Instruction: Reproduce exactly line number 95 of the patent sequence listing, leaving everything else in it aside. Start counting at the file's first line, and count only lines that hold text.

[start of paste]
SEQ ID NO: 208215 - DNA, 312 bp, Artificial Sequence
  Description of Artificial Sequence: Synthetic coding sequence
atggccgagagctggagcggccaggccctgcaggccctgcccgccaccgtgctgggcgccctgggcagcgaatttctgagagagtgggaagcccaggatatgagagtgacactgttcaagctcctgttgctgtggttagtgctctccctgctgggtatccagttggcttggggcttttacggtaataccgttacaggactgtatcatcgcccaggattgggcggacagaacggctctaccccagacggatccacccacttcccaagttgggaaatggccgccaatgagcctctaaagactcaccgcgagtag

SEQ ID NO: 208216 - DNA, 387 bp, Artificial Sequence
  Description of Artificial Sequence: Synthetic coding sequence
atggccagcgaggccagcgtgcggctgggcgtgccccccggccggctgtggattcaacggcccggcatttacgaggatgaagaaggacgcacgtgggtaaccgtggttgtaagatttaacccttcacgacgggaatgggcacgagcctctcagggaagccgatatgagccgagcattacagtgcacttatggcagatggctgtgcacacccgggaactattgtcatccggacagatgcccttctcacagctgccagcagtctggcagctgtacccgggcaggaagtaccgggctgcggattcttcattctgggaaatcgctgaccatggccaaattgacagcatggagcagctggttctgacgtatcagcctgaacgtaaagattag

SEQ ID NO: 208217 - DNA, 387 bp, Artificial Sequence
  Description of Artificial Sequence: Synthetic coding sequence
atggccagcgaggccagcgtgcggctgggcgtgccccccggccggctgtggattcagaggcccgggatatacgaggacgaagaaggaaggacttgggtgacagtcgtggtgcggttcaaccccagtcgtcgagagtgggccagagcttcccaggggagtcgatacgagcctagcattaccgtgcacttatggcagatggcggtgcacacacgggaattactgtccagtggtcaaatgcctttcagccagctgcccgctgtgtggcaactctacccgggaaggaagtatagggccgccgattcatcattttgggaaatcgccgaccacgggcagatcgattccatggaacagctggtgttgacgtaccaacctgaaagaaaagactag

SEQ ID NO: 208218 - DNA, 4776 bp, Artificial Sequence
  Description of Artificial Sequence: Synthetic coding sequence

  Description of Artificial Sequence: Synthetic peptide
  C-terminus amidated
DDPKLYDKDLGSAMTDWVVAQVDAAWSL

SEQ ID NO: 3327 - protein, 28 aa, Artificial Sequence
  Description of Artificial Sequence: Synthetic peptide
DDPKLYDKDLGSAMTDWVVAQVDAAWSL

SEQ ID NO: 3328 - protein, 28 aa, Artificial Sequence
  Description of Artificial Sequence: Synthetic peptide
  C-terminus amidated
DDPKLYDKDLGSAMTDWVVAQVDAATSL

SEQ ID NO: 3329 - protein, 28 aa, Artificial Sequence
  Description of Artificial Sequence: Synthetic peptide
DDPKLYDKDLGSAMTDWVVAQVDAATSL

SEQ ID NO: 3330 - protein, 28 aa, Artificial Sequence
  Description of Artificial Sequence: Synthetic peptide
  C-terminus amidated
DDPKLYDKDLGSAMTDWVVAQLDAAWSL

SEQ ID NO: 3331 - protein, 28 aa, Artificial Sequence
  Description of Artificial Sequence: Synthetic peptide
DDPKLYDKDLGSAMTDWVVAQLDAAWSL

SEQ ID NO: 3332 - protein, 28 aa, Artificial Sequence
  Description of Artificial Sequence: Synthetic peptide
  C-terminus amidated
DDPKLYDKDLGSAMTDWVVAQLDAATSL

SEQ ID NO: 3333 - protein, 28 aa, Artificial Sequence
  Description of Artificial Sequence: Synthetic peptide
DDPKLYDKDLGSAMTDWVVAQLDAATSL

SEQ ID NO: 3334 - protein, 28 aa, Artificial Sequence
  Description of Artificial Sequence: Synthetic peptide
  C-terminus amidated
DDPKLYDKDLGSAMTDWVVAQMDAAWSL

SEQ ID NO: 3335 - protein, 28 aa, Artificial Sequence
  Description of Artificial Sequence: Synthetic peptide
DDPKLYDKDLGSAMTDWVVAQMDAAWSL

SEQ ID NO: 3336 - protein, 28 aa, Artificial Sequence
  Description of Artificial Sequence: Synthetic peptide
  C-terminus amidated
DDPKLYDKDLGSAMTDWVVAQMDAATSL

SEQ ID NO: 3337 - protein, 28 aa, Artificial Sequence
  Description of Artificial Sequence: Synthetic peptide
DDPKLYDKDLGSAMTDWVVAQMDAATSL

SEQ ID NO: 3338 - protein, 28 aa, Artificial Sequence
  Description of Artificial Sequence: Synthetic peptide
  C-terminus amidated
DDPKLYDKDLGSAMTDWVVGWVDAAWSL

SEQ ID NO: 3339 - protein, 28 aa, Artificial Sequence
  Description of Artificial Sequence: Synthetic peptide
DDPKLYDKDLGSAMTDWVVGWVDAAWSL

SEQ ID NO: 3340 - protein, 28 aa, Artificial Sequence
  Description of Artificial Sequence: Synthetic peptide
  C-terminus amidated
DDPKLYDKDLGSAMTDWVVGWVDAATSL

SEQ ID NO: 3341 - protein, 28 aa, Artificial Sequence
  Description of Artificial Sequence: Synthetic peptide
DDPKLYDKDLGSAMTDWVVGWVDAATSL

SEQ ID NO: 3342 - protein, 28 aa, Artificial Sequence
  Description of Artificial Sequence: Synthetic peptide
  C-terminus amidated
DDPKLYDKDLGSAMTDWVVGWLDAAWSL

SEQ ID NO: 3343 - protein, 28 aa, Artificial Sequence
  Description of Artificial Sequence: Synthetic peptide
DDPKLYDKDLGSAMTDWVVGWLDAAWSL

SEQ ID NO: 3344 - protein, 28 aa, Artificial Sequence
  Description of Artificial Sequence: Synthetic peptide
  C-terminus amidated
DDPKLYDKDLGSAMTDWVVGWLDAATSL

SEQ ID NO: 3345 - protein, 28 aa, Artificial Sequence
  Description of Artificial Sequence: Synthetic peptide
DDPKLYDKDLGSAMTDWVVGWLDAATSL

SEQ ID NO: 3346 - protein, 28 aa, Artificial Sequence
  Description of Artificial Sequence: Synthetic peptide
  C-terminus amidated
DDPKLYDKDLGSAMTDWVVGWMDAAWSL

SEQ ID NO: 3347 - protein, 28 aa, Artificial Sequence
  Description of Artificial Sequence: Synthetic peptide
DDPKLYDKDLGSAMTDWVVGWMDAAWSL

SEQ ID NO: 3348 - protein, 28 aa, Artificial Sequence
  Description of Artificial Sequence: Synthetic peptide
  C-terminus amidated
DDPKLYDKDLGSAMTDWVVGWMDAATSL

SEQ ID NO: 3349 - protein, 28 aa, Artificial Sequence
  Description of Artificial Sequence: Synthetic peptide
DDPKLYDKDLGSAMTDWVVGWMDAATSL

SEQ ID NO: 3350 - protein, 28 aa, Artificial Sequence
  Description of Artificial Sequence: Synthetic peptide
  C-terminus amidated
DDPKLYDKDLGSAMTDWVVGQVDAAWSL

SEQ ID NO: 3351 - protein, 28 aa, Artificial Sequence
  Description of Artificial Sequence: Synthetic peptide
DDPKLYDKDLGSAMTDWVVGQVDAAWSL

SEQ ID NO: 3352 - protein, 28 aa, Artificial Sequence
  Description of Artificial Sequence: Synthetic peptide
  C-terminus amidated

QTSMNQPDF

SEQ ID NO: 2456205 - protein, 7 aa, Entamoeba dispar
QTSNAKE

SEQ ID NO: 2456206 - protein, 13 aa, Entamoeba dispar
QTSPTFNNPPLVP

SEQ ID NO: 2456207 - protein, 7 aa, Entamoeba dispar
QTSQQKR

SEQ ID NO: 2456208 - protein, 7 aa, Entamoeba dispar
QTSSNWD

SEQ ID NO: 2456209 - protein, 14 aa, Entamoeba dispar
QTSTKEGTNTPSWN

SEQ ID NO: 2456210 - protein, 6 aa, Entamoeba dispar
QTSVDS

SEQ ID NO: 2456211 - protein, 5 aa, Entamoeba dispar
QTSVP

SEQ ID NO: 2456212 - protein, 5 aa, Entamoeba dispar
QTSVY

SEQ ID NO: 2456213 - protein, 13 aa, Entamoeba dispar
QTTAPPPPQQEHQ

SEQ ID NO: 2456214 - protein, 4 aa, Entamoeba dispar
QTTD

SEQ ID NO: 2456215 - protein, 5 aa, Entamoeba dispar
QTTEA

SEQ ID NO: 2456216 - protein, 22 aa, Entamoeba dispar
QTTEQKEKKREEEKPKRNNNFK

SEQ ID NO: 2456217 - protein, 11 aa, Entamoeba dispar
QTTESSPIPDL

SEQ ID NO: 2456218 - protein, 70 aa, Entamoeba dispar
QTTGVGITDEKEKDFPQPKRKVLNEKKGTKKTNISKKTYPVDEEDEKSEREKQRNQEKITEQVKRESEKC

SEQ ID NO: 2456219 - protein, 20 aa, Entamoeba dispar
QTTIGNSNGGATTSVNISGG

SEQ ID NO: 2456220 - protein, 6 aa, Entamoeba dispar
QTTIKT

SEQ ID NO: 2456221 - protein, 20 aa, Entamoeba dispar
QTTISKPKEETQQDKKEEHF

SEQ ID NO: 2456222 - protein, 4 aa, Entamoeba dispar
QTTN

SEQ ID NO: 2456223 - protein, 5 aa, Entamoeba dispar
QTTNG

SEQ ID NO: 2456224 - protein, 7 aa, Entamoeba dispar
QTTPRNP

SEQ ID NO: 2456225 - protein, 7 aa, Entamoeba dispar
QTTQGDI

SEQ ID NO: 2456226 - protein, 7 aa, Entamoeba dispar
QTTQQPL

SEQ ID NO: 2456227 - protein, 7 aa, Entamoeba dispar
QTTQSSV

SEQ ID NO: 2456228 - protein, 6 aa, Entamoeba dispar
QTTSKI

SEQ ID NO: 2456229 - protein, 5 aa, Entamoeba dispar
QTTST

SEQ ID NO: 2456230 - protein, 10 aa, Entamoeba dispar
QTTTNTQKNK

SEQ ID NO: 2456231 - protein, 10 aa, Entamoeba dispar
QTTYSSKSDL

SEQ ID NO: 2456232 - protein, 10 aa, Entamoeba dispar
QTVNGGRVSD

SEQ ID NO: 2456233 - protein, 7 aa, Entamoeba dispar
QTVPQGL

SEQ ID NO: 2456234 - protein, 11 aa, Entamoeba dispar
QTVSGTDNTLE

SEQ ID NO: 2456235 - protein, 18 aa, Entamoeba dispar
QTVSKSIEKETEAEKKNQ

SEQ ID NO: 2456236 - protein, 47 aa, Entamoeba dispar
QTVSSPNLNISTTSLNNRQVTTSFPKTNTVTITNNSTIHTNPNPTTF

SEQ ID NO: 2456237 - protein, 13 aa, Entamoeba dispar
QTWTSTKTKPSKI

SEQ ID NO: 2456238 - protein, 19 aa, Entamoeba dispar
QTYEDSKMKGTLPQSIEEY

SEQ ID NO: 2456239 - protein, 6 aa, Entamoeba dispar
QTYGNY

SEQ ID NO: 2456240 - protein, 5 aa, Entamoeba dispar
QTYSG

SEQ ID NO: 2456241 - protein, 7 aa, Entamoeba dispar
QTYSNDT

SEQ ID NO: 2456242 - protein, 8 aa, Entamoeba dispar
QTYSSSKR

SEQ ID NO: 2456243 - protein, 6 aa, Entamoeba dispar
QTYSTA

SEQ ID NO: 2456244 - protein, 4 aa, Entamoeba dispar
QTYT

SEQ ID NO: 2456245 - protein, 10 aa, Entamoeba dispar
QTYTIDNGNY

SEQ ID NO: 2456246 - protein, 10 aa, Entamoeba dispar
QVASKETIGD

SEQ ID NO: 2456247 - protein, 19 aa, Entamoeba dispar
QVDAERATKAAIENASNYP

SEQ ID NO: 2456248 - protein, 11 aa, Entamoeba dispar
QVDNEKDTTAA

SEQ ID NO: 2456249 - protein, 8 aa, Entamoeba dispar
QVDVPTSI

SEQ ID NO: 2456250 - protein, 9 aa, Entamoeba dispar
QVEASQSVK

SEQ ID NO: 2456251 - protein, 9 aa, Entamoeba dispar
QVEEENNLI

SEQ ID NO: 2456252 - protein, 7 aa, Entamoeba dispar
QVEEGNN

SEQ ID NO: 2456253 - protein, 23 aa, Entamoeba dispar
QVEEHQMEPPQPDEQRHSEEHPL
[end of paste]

SEQ ID NO: 3350 - protein, 28 aa, Artificial Sequence